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How Exactly Did NBC News Correspondent Richard Engel Escape From Captivity in Syria?

We decided to grab the latest issue of Vanity Fair in which NBC’s chief foreign correspondent Richard Engel recounts his kidnapping and escape from captivity in Syria late last year. Engel writes about the mental torture he and his team were put through, including not being given food or water for more than a day. He also expressed gratitude at the media blackout NBC News had imposed on the matter.

The rescue took place when Engel and his team were being transported to a Hezbollah stronghold in Foua.

We didn’t know how long it would take to get to Foua. But seven minutes into the trip–we were counting minutes to keep track of distances–the driver slammed on his brakes. “Checkpoint! Checkpoint!” he yelled. Through the corner of my blindfold I could see the headlights of a vehicle facing us in the road ahead.

The two gunmen exited the car and opened fire on the guards at the checkpoint. They were killed. The trail car fled.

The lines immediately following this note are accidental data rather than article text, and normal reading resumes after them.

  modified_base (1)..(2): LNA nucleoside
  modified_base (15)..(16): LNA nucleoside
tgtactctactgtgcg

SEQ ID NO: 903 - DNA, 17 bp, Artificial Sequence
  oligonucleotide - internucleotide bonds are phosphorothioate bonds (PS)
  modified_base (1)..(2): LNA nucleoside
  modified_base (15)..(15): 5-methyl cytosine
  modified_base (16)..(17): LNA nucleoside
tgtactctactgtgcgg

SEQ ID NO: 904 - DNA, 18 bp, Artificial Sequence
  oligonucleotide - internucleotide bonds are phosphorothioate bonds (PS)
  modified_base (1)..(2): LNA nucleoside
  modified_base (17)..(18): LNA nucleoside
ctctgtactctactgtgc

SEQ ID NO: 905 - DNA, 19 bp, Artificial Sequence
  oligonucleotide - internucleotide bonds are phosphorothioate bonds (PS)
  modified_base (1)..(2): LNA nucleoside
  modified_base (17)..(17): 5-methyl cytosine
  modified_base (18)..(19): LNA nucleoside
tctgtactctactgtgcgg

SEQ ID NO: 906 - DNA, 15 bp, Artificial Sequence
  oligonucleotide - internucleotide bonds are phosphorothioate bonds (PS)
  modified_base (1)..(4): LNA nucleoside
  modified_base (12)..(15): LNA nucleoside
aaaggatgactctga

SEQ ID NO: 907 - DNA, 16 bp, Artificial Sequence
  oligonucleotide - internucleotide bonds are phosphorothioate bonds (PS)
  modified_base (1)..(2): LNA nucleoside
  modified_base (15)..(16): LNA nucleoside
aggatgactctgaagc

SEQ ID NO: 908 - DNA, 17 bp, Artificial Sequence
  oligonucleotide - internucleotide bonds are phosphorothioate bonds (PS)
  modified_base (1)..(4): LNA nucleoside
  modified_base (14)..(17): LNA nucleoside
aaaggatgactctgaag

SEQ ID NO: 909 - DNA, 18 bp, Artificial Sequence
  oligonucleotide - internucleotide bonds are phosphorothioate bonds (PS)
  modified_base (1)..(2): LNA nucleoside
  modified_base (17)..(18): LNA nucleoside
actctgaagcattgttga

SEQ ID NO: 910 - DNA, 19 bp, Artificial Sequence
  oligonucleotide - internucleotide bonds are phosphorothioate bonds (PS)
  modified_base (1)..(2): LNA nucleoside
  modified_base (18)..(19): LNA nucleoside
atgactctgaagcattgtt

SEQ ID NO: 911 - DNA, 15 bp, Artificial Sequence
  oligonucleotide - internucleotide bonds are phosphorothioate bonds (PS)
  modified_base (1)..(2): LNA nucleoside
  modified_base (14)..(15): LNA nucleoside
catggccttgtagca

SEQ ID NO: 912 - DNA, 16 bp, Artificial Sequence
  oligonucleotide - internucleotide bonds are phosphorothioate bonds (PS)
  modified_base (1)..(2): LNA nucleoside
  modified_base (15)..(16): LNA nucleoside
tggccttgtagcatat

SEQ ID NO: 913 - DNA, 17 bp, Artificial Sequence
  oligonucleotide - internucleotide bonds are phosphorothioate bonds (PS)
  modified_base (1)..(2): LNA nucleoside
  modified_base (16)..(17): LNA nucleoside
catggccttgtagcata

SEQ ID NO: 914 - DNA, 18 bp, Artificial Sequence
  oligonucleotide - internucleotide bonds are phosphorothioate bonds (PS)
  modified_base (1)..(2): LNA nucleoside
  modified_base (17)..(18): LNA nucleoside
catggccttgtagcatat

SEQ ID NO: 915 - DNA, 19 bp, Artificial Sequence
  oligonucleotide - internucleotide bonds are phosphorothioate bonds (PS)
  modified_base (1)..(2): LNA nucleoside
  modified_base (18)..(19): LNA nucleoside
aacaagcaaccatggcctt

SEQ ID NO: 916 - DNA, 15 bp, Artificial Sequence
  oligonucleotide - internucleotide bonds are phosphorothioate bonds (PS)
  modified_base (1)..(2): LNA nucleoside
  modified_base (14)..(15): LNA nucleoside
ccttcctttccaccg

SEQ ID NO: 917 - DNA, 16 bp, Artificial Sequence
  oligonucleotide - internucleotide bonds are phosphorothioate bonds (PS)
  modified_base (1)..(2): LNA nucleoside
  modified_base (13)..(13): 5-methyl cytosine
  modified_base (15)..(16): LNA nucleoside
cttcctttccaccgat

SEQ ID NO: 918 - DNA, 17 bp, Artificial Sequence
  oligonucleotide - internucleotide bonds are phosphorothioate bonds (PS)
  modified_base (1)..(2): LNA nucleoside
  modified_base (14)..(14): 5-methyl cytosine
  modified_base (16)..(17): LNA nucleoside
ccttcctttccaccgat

The Man who approached was wearing a turban. He had a long beard. He was carrying an AK-47 but seemed relaxed and calm. ”Who are you?” he asked.

I didn’t trust him enough to answer in Arabic. I showed him my bound hands. “We’re hostages” I said in English. “We’re hostages, who are you? Rebels? Free Syrian Army?” I took a gamble and said “Free Syrian Army” in Arabic, but with a deliberately bad accent.

He nodded. It was sinking in. My hands were soon unbound. I wrapped my arms around the man and thanked him. “Don’t thank us,” he said. “This is Allah. We are only his agents.”

The rebels were from a Sunni religious group. They’d been looking for us. They’d set up extra checkpoints throughout the area where we’d been kidnapped.

One member of Engel’s team had gone missing in the rescue. The found out later that he had walked for miles in flip-flops, before bring driven to the Turkey border the next day by friendly villagers.

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